We continue our blog series: Market Musings, Volume 2, Edition 20, giving our (hopefully not too random) thoughts on recent goings-on in the markets. Today, we present "Investors Who Forget History..."
In these somewhat frothy days (from a market valuation perspective, at least), it is worth remembering what investors were thinking at certain times in the past...and what happened to stocks subsequently. First, let's look at how the market looked to investors as of exactly 89 years ago today (June 27, 1929), as shown from the pages of the Reading (PA) Eagle for June 28, 1929:
"Stock Prices Move Upward...Bullish operations were conducted at a vigorous pace in today's stock market, which completely disregarded the increase of $122,000,000 in brokers' loans last week... Closing Strong...New favorites sprang up in the latter part of the stock market session...":
General Electic (yes, THAT General Electric) hit an all-time high of $322/share, while IBM (yes, THAT IBM) reached a new record high of $210/share (and even U.S. Steel (yes, THAT U.S. Steel) got a shout out at over $191/share):
So things were looking mighty good for investors GE, IBM and X in late-June of 1929. Nothing but blue skies did they see. Similarly, investors in love today with Netflix (around $400/share), Tesla (around $345/share) and Amazon ($1,680/share) see endless riches ahead for these favored companies, who are "disrupting" the incumbents in media, autos and retail, respectively. The future is so bright, NFLX, TSLA and AMZN shareholders need to wear shades, baby!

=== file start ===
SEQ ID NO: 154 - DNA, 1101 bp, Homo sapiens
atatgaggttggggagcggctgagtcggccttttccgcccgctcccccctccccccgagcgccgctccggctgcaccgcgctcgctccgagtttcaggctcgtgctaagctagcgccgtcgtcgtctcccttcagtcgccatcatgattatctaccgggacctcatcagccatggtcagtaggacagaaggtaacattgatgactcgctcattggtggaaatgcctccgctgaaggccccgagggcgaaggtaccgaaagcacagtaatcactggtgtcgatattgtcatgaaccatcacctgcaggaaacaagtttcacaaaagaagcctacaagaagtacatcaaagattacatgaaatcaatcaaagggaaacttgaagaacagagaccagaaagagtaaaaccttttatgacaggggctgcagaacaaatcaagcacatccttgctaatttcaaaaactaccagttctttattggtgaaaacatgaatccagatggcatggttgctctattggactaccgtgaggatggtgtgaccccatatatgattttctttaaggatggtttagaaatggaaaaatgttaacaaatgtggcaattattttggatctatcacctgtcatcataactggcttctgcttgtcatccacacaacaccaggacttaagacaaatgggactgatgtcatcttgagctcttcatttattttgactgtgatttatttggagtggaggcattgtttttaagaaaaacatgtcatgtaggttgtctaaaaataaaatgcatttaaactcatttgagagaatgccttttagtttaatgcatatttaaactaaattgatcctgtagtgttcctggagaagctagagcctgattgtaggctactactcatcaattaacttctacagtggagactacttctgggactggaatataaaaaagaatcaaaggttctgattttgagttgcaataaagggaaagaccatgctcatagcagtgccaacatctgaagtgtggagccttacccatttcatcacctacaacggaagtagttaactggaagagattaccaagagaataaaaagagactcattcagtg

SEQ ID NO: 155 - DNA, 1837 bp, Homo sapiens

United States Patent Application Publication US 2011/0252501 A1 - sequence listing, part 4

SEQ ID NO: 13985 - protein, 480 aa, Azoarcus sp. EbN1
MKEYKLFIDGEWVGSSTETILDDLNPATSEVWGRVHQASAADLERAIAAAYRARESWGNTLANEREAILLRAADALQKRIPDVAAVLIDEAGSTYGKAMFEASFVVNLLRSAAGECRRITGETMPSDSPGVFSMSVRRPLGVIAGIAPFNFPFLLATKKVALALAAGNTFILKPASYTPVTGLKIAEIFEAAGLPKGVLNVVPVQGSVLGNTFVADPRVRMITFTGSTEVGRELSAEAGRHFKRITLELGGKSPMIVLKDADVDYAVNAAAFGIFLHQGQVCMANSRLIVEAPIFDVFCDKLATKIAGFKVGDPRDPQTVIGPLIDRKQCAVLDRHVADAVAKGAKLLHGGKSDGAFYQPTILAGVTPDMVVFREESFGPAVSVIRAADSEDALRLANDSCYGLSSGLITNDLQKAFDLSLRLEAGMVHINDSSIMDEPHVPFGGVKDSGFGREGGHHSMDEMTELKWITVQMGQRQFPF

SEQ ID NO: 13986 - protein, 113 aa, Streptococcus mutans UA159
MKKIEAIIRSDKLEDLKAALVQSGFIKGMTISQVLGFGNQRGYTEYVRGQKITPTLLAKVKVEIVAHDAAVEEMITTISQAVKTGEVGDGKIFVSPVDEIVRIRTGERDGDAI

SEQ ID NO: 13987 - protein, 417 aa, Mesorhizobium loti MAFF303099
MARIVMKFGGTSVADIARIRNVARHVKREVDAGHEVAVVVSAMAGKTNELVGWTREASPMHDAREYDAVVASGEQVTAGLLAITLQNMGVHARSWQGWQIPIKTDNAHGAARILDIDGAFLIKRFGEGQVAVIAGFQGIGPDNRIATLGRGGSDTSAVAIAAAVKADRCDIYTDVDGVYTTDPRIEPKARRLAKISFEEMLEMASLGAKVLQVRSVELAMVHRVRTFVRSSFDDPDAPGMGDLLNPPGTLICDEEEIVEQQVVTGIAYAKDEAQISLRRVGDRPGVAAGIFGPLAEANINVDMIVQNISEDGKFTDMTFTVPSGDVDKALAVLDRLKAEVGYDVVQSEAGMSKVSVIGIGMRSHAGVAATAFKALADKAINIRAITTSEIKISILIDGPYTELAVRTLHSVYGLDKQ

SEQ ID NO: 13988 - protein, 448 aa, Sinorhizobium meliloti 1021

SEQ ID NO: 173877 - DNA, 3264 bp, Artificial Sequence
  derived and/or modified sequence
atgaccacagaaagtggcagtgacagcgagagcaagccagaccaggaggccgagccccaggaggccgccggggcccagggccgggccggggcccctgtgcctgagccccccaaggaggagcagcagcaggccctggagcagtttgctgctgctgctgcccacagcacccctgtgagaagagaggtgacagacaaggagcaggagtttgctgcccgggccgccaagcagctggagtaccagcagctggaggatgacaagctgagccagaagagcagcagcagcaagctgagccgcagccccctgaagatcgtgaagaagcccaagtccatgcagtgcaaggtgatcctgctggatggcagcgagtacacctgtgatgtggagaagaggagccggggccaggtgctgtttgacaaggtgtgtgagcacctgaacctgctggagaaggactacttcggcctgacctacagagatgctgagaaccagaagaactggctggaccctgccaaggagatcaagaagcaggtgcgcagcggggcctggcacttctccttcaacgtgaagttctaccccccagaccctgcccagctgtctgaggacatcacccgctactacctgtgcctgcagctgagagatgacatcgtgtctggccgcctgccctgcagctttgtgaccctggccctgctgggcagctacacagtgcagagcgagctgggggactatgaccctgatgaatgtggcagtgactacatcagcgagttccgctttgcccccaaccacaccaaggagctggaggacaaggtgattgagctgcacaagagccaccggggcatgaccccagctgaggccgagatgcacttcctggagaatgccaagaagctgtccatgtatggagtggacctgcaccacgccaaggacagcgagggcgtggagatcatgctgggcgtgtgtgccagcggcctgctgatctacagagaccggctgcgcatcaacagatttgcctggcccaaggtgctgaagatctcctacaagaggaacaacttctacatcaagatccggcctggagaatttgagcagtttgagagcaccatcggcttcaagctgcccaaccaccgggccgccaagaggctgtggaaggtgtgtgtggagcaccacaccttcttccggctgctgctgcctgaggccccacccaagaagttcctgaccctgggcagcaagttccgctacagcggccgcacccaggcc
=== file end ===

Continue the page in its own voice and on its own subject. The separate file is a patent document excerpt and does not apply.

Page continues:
Fast forward to the financial news for July 8, 1932, as per the financial headlines from the Reading (PA) Eagle for July 9th of that year:
"Market 'Placid'...trading dwindled to around the lowest levels of the past eight years..."
The market that day reached its Great Depression low of just 41 for the Dow Industrials (for comparison's sake, today the Dow stands at 24,246, or 591X higher). And what happened to high-fliers GE, IBM and U.S. Steel from June 27, 1929 to July 8, 1932? The following:
GE fell from $322 to $9.50, an overall drop of 97%;
IBM fell from $210 to $55, an overall drop of 74%; and
U.S. Steel fell from $191 and change to $21.75, an overall drop of 89%.
In fairness, during the same period the overall market (as measured by the Dow Industrial Index) fell approximately 87%, so in the context of this broader perspective the returns for GE, IBM and U.S. Steel are not that terrible (as a group, they approximately matched the index). Then again, to a significant extent these behemoths (along with similar investor favorites of the day) were the index at the time (all three companies were Dow components in 1932, while GE and U.S. Steel were also members in 1929) [for the yearly list of Dow Companies, see here]. What really matters when times get frothy is not necessarily "keeping up with the index", but rather "protecting one's capital from incineration" when investors stampede out of stocks. None of this is to say that a market collapse is imminent, because nothing on the horizon seems to imply such a downturn. Then again, nothing on the horizon in late June of 1929 seemed to spook investors then either.
So, Will history rhyme with respect to NFLX, TSLA and AMZN? We think it likely. The real question is not if, but when...
DISCLOSURE: Short NFLX.